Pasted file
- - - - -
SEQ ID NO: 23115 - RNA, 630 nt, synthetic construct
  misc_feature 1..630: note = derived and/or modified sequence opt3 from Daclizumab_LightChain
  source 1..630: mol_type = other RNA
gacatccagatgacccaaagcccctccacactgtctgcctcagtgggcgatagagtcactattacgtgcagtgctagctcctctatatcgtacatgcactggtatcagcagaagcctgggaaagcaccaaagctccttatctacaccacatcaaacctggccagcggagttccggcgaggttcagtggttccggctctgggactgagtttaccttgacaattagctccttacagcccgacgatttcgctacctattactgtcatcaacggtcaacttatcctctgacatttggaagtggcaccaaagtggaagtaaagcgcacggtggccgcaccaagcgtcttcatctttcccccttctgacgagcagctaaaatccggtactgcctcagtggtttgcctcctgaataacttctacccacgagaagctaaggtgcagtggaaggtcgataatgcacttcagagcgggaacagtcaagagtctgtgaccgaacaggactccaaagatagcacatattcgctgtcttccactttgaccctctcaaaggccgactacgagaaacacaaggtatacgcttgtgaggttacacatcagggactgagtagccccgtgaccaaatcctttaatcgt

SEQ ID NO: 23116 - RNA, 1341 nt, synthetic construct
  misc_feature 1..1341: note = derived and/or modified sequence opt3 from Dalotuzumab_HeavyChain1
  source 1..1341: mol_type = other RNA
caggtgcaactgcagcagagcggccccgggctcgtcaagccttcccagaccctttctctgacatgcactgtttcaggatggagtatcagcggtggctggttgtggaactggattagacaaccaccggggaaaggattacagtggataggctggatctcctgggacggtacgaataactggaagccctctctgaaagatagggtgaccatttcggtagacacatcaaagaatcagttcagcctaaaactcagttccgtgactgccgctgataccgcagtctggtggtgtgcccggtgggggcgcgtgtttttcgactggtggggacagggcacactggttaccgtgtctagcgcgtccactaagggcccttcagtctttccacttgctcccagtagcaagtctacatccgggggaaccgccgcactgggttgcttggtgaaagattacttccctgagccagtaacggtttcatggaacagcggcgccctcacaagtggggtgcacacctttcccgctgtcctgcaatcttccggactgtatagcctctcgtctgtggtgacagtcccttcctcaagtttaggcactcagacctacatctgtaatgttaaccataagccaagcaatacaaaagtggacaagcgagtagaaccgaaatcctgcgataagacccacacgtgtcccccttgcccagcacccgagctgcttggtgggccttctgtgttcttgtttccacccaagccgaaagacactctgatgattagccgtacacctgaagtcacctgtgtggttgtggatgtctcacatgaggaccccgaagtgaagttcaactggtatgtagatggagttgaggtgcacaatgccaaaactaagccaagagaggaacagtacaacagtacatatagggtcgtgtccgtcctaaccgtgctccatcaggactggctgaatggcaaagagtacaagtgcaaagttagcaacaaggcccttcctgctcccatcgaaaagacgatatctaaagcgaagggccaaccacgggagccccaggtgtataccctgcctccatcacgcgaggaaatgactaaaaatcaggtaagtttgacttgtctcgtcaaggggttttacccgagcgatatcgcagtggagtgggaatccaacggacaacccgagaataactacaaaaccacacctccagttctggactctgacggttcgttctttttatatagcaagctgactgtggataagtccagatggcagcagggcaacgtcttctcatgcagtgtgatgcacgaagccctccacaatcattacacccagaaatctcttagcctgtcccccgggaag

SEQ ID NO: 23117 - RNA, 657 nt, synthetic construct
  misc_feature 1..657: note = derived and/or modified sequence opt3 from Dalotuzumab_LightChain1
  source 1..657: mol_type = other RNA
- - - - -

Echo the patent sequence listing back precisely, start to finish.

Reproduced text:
SEQ ID NO: 23115 - RNA, 630 nt, synthetic construct
  misc_feature 1..630: note = derived and/or modified sequence opt3 from Daclizumab_LightChain
  source 1..630: mol_type = other RNA
gacatccagatgacccaaagcccctccacactgtctgcctcagtgggcgatagagtcactattacgtgcagtgctagctcctctatatcgtacatgcactggtatcagcagaagcctgggaaagcaccaaagctccttatctacaccacatcaaacctggccagcggagttccggcgaggttcagtggttccggctctgggactgagtttaccttgacaattagctccttacagcccgacgatttcgctacctattactgtcatcaacggtcaacttatcctctgacatttggaagtggcaccaaagtggaagtaaagcgcacggtggccgcaccaagcgtcttcatctttcccccttctgacgagcagctaaaatccggtactgcctcagtggtttgcctcctgaataacttctacccacgagaagctaaggtgcagtggaaggtcgataatgcacttcagagcgggaacagtcaagagtctgtgaccgaacaggactccaaagatagcacatattcgctgtcttccactttgaccctctcaaaggccgactacgagaaacacaaggtatacgcttgtgaggttacacatcagggactgagtagccccgtgaccaaatcctttaatcgt

SEQ ID NO: 23116 - RNA, 1341 nt, synthetic construct
  misc_feature 1..1341: note = derived and/or modified sequence opt3 from Dalotuzumab_HeavyChain1
  source 1..1341: mol_type = other RNA
caggtgcaactgcagcagagcggccccgggctcgtcaagccttcccagaccctttctctgacatgcactgtttcaggatggagtatcagcggtggctggttgtggaactggattagacaaccaccggggaaaggattacagtggataggctggatctcctgggacggtacgaataactggaagccctctctgaaagatagggtgaccatttcggtagacacatcaaagaatcagttcagcctaaaactcagttccgtgactgccgctgataccgcagtctggtggtgtgcccggtgggggcgcgtgtttttcgactggtggggacagggcacactggttaccgtgtctagcgcgtccactaagggcccttcagtctttccacttgctcccagtagcaagtctacatccgggggaaccgccgcactgggttgcttggtgaaagattacttccctgagccagtaacggtttcatggaacagcggcgccctcacaagtggggtgcacacctttcccgctgtcctgcaatcttccggactgtatagcctctcgtctgtggtgacagtcccttcctcaagtttaggcactcagacctacatctgtaatgttaaccataagccaagcaatacaaaagtggacaagcgagtagaaccgaaatcctgcgataagacccacacgtgtcccccttgcccagcacccgagctgcttggtgggccttctgtgttcttgtttccacccaagccgaaagacactctgatgattagccgtacacctgaagtcacctgtgtggttgtggatgtctcacatgaggaccccgaagtgaagttcaactggtatgtagatggagttgaggtgcacaatgccaaaactaagccaagagaggaacagtacaacagtacatatagggtcgtgtccgtcctaaccgtgctccatcaggactggctgaatggcaaagagtacaagtgcaaagttagcaacaaggcccttcctgctcccatcgaaaagacgatatctaaagcgaagggccaaccacgggagccccaggtgtataccctgcctccatcacgcgaggaaatgactaaaaatcaggtaagtttgacttgtctcgtcaaggggttttacccgagcgatatcgcagtggagtgggaatccaacggacaacccgagaataactacaaaaccacacctccagttctggactctgacggttcgttctttttatatagcaagctgactgtggataagtccagatggcagcagggcaacgtcttctcatgcagtgtgatgcacgaagccctccacaatcattacacccagaaatctcttagcctgtcccccgggaag

SEQ ID NO: 23117 - RNA, 657 nt, synthetic construct
  misc_feature 1..657: note = derived and/or modified sequence opt3 from Dalotuzumab_LightChain1
  source 1..657: mol_type = other RNA